“If we can get two to three million people playing the game, you then start to transition from getting your money upfront, if you will, by selling the game to an ARPU — average revenue per user model,” Moore said. “That is the long-term growth plan and we are very optimistic that will work.”
Electronic Arts didn’t launch a single packaged goods game in the most recent quarter— two thirds of the game company’s revenue was from digital offerings. The company reported slightly better than expected earnings — a loss of 41 cents per share — and announced a $500 million share repurchase.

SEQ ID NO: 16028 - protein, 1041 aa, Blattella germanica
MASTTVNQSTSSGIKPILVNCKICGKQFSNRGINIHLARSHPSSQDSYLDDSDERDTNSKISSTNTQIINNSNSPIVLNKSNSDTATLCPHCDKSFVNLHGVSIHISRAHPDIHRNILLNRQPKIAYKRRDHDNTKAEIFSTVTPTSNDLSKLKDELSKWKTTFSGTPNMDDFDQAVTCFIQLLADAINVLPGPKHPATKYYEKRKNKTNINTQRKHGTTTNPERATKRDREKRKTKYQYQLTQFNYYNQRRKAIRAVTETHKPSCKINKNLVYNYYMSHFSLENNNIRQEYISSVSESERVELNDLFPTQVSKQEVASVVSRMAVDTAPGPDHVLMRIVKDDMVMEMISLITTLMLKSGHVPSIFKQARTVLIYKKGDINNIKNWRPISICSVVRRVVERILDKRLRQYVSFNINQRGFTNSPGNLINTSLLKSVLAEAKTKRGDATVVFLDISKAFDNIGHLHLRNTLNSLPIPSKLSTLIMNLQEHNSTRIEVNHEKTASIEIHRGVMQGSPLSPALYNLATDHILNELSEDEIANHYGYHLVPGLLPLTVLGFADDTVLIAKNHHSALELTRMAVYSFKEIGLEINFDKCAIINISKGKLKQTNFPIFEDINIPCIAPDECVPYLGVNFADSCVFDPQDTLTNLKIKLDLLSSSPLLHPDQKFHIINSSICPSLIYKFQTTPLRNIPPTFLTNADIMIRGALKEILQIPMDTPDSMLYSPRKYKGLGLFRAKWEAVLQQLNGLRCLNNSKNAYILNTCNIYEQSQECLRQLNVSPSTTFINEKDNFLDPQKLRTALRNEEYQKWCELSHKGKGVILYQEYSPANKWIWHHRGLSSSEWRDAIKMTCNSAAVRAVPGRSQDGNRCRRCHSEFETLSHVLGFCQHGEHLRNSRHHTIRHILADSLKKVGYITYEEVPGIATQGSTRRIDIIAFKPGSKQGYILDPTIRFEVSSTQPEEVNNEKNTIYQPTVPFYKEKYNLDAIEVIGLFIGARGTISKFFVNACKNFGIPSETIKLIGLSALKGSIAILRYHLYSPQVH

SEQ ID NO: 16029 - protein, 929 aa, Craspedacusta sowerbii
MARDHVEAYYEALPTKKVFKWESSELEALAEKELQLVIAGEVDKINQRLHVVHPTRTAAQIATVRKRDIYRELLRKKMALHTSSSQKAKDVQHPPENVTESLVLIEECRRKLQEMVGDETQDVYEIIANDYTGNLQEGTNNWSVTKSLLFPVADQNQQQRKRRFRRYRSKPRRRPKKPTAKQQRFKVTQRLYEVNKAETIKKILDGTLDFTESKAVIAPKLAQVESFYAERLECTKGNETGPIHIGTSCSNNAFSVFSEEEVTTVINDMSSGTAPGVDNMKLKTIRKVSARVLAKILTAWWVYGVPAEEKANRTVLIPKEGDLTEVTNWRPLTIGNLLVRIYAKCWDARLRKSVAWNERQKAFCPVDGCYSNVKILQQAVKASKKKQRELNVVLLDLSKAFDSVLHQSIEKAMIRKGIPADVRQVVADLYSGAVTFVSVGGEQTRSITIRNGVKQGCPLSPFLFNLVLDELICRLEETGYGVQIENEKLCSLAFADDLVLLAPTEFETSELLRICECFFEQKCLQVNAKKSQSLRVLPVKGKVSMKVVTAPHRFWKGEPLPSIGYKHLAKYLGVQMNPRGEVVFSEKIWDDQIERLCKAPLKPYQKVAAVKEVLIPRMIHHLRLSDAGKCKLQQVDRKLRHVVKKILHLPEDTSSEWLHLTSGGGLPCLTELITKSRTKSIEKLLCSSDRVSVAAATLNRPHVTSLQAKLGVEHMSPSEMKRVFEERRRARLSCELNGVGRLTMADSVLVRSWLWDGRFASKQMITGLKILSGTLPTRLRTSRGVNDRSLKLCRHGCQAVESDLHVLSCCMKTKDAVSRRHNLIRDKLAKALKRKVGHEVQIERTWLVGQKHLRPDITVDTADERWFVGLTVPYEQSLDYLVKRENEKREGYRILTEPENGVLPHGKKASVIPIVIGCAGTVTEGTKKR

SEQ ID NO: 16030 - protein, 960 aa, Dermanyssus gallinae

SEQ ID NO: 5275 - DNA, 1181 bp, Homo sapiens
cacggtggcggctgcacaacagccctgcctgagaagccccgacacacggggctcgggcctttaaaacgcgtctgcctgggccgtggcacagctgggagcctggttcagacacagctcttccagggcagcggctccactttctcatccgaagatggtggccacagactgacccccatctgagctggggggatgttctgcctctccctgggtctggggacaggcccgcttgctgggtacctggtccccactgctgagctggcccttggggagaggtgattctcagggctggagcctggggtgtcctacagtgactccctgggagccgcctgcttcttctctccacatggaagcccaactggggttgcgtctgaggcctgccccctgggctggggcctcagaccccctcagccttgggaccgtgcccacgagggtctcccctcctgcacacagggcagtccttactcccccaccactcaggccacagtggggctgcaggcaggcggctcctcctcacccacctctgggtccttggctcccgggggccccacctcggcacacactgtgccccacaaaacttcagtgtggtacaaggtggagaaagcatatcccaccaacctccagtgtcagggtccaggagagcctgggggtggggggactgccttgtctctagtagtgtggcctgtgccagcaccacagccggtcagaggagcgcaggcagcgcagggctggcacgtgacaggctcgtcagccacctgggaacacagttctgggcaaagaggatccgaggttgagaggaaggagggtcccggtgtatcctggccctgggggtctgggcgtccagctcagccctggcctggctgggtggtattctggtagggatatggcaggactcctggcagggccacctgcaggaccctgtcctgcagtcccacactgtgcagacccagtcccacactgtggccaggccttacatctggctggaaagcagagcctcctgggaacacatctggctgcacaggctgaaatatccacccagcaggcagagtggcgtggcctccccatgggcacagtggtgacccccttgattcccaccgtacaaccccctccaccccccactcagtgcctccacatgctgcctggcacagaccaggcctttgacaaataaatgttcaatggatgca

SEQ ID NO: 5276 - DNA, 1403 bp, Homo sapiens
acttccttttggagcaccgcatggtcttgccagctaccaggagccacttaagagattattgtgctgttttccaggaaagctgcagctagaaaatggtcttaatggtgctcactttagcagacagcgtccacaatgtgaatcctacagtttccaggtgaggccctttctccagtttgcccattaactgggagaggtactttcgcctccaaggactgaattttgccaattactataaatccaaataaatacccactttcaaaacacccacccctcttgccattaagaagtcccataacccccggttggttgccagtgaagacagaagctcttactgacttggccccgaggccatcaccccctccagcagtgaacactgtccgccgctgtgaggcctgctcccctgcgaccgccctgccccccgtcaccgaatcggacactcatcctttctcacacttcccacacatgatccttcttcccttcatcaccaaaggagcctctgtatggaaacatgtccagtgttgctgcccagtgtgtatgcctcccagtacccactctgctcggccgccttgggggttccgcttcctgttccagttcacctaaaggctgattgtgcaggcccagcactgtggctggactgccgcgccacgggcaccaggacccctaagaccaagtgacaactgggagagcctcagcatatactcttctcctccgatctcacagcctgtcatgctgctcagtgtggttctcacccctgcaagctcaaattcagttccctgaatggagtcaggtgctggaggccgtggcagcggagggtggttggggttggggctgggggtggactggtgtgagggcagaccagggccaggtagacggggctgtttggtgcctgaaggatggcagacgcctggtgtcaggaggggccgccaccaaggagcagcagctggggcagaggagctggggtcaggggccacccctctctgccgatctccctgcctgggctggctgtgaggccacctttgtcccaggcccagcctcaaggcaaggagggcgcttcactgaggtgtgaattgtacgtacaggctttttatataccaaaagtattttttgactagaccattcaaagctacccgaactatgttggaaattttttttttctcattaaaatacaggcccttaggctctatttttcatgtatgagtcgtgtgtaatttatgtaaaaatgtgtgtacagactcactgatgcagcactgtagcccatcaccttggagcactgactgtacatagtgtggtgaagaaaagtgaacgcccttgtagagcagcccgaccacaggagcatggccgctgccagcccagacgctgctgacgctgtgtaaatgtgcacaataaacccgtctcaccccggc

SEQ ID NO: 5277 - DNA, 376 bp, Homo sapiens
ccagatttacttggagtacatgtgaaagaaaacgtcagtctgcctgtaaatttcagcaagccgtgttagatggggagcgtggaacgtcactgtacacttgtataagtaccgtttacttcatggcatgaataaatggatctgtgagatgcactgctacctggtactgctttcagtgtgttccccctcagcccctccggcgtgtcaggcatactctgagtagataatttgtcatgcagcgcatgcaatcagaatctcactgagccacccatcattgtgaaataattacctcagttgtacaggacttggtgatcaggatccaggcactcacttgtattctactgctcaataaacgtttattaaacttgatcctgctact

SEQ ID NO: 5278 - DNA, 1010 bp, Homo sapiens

But the real headline was the company’s ongoing investment in all sorts of digital games—mobile, social, online, and digital downloads and downloadable content.
However, Zynga’s disappointing results call into question the future of social gaming, raising major concerns about slowing growth. Moore noted that EA still sees social games as a growing profitable sector, even if growth is slowing. He also made a point of distinguishing EA’s strategy from Zynga’s.
“We are investing in brands in social and I think that’s the difference. … We are a lot more diversified and we have the portfolio brand that consumers recognize around the world,” he concluded.
-By CNBC's Julia Boorstin
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